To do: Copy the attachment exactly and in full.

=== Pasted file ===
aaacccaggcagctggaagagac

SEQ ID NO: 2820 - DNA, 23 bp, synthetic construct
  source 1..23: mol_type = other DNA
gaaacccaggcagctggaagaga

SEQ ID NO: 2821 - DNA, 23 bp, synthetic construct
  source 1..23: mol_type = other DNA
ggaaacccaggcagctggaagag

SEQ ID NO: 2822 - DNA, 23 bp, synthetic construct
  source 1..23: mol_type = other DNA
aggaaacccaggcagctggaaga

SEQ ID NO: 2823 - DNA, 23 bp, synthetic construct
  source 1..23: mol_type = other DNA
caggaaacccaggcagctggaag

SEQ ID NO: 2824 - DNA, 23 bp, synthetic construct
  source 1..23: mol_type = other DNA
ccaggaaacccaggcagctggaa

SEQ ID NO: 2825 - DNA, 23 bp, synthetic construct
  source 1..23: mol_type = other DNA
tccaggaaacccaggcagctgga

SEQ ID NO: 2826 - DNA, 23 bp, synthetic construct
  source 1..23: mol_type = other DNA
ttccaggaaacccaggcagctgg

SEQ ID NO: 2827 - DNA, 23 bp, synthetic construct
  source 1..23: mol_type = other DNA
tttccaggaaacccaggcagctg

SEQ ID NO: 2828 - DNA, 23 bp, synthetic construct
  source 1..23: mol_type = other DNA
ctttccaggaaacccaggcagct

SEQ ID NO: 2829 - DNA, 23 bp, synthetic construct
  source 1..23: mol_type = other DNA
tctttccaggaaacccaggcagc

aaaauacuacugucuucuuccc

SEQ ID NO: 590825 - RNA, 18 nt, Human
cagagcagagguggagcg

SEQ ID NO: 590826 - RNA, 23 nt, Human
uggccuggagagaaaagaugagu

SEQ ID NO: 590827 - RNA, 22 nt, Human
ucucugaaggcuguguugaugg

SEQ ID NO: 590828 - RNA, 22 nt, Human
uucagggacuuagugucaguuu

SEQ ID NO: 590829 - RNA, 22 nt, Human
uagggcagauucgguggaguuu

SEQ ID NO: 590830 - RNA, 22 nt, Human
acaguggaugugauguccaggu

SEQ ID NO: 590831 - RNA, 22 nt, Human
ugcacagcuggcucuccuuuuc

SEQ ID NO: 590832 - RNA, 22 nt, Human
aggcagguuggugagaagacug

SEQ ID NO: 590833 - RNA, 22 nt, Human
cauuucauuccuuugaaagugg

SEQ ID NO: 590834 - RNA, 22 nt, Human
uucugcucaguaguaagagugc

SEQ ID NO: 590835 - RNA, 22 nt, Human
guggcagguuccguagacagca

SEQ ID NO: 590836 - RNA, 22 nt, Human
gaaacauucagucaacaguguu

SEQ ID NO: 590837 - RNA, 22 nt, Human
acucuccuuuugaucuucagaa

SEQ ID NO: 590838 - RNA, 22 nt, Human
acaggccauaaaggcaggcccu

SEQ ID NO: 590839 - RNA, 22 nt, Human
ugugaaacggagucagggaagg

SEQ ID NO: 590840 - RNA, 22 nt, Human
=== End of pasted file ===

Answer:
aaacccaggcagctggaagagac

SEQ ID NO: 2820 - DNA, 23 bp, synthetic construct
  source 1..23: mol_type = other DNA
gaaacccaggcagctggaagaga

SEQ ID NO: 2821 - DNA, 23 bp, synthetic construct
  source 1..23: mol_type = other DNA
ggaaacccaggcagctggaagag

SEQ ID NO: 2822 - DNA, 23 bp, synthetic construct
  source 1..23: mol_type = other DNA
aggaaacccaggcagctggaaga

SEQ ID NO: 2823 - DNA, 23 bp, synthetic construct
  source 1..23: mol_type = other DNA
caggaaacccaggcagctggaag

SEQ ID NO: 2824 - DNA, 23 bp, synthetic construct
  source 1..23: mol_type = other DNA
ccaggaaacccaggcagctggaa

SEQ ID NO: 2825 - DNA, 23 bp, synthetic construct
  source 1..23: mol_type = other DNA
tccaggaaacccaggcagctgga

SEQ ID NO: 2826 - DNA, 23 bp, synthetic construct
  source 1..23: mol_type = other DNA
ttccaggaaacccaggcagctgg

SEQ ID NO: 2827 - DNA, 23 bp, synthetic construct
  source 1..23: mol_type = other DNA
tttccaggaaacccaggcagctg

SEQ ID NO: 2828 - DNA, 23 bp, synthetic construct
  source 1..23: mol_type = other DNA
ctttccaggaaacccaggcagct

SEQ ID NO: 2829 - DNA, 23 bp, synthetic construct
  source 1..23: mol_type = other DNA
tctttccaggaaacccaggcagc

aaaauacuacugucuucuuccc

SEQ ID NO: 590825 - RNA, 18 nt, Human
cagagcagagguggagcg

SEQ ID NO: 590826 - RNA, 23 nt, Human
uggccuggagagaaaagaugagu

SEQ ID NO: 590827 - RNA, 22 nt, Human
ucucugaaggcuguguugaugg

SEQ ID NO: 590828 - RNA, 22 nt, Human
uucagggacuuagugucaguuu

SEQ ID NO: 590829 - RNA, 22 nt, Human
uagggcagauucgguggaguuu

SEQ ID NO: 590830 - RNA, 22 nt, Human
acaguggaugugauguccaggu

SEQ ID NO: 590831 - RNA, 22 nt, Human
ugcacagcuggcucuccuuuuc

SEQ ID NO: 590832 - RNA, 22 nt, Human
aggcagguuggugagaagacug

SEQ ID NO: 590833 - RNA, 22 nt, Human
cauuucauuccuuugaaagugg

SEQ ID NO: 590834 - RNA, 22 nt, Human
uucugcucaguaguaagagugc

SEQ ID NO: 590835 - RNA, 22 nt, Human
guggcagguuccguagacagca

SEQ ID NO: 590836 - RNA, 22 nt, Human
gaaacauucagucaacaguguu

SEQ ID NO: 590837 - RNA, 22 nt, Human
acucuccuuuugaucuucagaa

SEQ ID NO: 590838 - RNA, 22 nt, Human
acaggccauaaaggcaggcccu

SEQ ID NO: 590839 - RNA, 22 nt, Human
ugugaaacggagucagggaagg

SEQ ID NO: 590840 - RNA, 22 nt, Human